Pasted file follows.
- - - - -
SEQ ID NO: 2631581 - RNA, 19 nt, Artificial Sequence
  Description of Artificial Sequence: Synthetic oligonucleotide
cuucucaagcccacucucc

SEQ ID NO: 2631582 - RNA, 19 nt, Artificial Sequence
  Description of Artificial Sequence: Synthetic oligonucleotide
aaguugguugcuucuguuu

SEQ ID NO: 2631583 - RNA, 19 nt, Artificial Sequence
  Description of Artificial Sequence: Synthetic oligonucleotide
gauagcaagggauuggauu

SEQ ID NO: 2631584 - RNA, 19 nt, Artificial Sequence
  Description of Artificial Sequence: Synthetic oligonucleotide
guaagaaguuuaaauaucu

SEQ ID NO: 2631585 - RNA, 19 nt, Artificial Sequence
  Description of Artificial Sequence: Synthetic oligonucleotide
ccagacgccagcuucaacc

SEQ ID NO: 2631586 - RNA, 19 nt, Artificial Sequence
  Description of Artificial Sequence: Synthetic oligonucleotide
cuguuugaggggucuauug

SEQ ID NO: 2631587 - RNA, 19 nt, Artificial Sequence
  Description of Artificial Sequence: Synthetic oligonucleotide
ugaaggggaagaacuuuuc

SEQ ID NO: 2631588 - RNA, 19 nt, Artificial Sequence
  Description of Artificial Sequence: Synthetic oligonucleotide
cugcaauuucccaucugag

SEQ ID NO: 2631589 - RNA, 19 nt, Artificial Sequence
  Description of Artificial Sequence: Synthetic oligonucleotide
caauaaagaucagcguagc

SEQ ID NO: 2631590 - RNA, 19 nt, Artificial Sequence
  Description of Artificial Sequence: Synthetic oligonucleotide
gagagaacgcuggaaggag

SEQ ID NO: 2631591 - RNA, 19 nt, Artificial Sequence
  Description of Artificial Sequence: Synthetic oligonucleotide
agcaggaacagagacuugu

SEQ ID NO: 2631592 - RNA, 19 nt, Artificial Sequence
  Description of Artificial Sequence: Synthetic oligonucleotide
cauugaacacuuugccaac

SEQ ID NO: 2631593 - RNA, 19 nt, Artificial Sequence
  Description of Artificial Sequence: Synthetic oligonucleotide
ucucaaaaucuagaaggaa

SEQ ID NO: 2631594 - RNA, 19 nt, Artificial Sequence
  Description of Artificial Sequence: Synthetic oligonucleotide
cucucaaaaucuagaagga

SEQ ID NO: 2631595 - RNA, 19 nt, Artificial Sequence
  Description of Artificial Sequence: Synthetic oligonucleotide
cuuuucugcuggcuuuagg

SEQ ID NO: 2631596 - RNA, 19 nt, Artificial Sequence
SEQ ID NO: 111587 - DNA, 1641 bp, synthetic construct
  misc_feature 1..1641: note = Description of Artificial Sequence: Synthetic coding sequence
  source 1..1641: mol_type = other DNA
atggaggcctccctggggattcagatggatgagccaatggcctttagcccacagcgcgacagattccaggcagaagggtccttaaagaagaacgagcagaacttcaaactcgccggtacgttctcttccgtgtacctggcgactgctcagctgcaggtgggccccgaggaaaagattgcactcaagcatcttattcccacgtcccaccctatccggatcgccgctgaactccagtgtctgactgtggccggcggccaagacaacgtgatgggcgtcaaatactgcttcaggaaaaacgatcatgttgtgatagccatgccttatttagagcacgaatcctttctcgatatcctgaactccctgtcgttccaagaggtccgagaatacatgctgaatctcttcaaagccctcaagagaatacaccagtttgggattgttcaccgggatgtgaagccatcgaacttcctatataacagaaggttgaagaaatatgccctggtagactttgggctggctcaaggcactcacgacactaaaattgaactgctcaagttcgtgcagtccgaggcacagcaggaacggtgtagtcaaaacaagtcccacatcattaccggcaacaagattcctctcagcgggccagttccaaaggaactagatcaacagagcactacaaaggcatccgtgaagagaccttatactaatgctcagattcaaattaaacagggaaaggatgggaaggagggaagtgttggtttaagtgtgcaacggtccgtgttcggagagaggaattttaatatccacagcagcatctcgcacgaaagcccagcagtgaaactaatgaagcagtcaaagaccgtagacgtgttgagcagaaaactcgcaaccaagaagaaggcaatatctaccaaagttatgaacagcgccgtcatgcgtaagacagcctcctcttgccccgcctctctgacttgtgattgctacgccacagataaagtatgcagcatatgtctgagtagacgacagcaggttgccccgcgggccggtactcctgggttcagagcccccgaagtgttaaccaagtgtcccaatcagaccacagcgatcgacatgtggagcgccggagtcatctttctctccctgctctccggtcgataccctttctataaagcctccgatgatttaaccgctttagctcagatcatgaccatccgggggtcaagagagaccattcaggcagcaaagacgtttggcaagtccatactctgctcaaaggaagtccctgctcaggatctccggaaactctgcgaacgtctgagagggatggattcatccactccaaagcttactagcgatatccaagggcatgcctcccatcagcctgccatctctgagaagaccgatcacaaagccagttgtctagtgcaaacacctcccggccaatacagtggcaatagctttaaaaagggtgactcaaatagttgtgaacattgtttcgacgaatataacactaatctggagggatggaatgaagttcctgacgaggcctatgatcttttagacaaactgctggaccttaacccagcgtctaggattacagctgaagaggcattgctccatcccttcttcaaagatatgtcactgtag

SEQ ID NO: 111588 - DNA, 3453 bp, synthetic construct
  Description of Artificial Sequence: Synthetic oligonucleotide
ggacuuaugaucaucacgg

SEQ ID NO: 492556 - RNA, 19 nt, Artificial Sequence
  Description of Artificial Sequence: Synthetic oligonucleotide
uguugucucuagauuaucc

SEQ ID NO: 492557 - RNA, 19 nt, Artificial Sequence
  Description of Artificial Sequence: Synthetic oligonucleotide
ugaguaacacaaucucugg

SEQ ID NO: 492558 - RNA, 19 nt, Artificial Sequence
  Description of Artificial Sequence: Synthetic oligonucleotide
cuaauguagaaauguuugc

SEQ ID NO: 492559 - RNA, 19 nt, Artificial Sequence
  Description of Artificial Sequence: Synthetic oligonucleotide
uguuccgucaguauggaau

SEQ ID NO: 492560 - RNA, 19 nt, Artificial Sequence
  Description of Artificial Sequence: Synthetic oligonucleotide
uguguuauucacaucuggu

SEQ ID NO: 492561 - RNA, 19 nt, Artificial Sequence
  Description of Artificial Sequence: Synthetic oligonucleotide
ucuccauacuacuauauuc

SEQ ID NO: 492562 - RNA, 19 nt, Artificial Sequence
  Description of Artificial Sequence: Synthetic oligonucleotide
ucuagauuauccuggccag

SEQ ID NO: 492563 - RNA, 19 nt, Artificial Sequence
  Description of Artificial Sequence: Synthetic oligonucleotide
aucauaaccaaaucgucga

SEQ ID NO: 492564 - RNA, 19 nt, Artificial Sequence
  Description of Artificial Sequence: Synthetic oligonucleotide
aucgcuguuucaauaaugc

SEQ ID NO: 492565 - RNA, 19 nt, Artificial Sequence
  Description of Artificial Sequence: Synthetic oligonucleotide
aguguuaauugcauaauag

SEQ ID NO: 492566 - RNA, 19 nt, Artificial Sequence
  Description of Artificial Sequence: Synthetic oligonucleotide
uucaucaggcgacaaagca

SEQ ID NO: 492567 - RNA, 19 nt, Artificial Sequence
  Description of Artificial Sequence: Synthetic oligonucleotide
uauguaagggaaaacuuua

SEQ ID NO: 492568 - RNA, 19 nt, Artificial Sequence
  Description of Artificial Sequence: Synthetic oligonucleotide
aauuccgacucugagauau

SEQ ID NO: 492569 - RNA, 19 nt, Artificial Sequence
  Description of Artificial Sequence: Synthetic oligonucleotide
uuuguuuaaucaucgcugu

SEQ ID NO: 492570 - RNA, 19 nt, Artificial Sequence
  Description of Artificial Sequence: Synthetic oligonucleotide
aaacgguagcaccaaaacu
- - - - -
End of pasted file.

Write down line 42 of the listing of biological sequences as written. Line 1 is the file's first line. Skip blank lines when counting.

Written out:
cucucaaaaucuagaagga